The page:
Today I want to have a little fun by taking a metaphor way too far. What’s the metaphor? Well, we’re going to pretend that building your business is a long-distance road trip and I’m going to give you some invaluable advice that will help you make the most of either situation.
Okay, so let’s jump right in. Tip #1 is that you must recognize up front that this journey will take some time. You haven’t hopped on a direct flight, you’re driving, so don’t expect to get from Florida to California in a few short hours. When you’re building your business, you have to realize that it’s going to take time – probably a lot more time than you originally thought – and be prepared to power through it. If you’re the kid in the back seat going, “Are we there yet? Are we there yet? Are we there yet? Are we there yet?” incessantly, you’re going to ruin the trip for everyone. Always keep your destination in focus, but don’t expect to arrive there 2 minutes after you start driving.
Along those same lines, Tip #2 is that you must be prepared for detours. If you’re on a road trip, there will be bathroom breaks, and you’ll have to stop and get gas, and you’ll probably visit a few interesting sights along the way, and you’ll also probably take a few wrong turns here and there and add a bunch of extra hours to your trip. That’s just how it goes on a road trip and the same is true in entrepreneurship – you’ll take some wrong turns, you’ll nearly run out of gas, and you’ll waste some time looking at shiny objects. Just keep powering on though, and you’ll eventually reach your destination.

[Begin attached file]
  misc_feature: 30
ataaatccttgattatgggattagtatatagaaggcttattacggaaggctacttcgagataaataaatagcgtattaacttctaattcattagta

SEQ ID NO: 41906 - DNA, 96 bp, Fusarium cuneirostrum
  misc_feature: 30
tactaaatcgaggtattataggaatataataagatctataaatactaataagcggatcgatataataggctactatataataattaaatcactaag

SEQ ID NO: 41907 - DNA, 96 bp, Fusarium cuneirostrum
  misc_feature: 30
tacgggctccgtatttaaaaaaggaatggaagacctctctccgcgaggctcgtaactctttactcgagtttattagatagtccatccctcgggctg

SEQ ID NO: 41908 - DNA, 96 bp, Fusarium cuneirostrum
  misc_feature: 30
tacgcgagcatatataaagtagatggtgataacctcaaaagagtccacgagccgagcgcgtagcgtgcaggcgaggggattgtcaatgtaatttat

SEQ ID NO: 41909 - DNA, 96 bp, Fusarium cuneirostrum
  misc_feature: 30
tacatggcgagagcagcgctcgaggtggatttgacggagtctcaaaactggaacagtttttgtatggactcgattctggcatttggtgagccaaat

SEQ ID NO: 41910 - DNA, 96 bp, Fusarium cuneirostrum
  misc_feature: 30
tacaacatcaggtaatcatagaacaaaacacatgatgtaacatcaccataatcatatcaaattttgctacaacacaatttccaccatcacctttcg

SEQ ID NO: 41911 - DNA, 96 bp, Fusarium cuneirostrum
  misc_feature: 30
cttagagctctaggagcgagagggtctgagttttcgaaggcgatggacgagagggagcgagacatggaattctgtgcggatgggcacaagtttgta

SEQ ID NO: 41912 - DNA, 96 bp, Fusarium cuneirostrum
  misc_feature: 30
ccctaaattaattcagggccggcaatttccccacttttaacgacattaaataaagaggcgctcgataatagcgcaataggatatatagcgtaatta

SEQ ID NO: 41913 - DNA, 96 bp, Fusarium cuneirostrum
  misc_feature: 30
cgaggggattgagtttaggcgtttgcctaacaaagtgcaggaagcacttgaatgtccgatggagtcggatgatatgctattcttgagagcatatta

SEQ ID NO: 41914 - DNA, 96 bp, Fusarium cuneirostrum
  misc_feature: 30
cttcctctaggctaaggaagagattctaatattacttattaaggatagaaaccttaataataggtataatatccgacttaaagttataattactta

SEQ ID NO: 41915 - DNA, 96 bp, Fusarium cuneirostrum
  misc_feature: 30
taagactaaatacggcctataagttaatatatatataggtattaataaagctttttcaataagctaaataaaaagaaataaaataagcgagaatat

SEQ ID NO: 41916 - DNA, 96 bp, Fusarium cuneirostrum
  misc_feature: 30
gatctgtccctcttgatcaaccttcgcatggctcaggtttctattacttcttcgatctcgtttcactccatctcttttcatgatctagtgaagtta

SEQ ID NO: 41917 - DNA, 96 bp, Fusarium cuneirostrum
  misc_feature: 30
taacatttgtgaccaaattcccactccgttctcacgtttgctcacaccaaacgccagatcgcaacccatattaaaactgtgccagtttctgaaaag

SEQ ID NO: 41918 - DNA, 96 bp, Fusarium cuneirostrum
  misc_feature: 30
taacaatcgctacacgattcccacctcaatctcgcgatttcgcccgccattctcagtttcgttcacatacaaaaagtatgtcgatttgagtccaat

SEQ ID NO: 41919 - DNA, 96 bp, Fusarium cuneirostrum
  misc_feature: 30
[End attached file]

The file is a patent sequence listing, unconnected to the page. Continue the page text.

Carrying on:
Tip #3 is find the balance between the plan and your reality. You wouldn’t try to drive across the country without ever looking at a map and you shouldn’t start building a business without a plan. But you also shouldn’t be so attached to the plan that you can’t adapt. If there is road work or a major traffic jam, your GPS will reroute you and you should probably do what it says. If there is a big market shift or technology advancement or new competitor that affects your business and its growth strategy, it’s up to you to reroute yourself.
Finally, remember to enjoy the trip itself. A road trip is an adventure in itself and is about more than just reaching the destination – if that’s all you wanted you should have just flown – so you should enjoy the travel. When you’re building your business, yes, you want to keep your goals front and center, but you also want to remember to enjoy being an entrepreneur now and be thankful for all of the benefits owning your own business brings you. You don’t have to wait until you sell your company for $100 million dollars to be glad you chose entrepreneurship. Start enjoying the journey now.
6 Replies to “Why Building a Business is Like a Long-Distance Road Trip”
What an enlightening and refreshing post. I lost count of the number of articles I have read about fast and effective ways to succeed in business. I loved how you pointed out striking a balance between planning and reality. True entrepreneurs must learn how to pivot or adapt when the occasion calls for it. By the way, I found your blog through a list of small business blogs to follow. Glad I did.
Good post to read, well portrayed on business building in comparison with the road trip. Obviously business is an long term trip to explore the hidden adventures. Thanks for stopping us to read this article
Well portrayed article, with good comparison on road trip with the business building. Absolutely business is a long journey to explore around the hidden adventures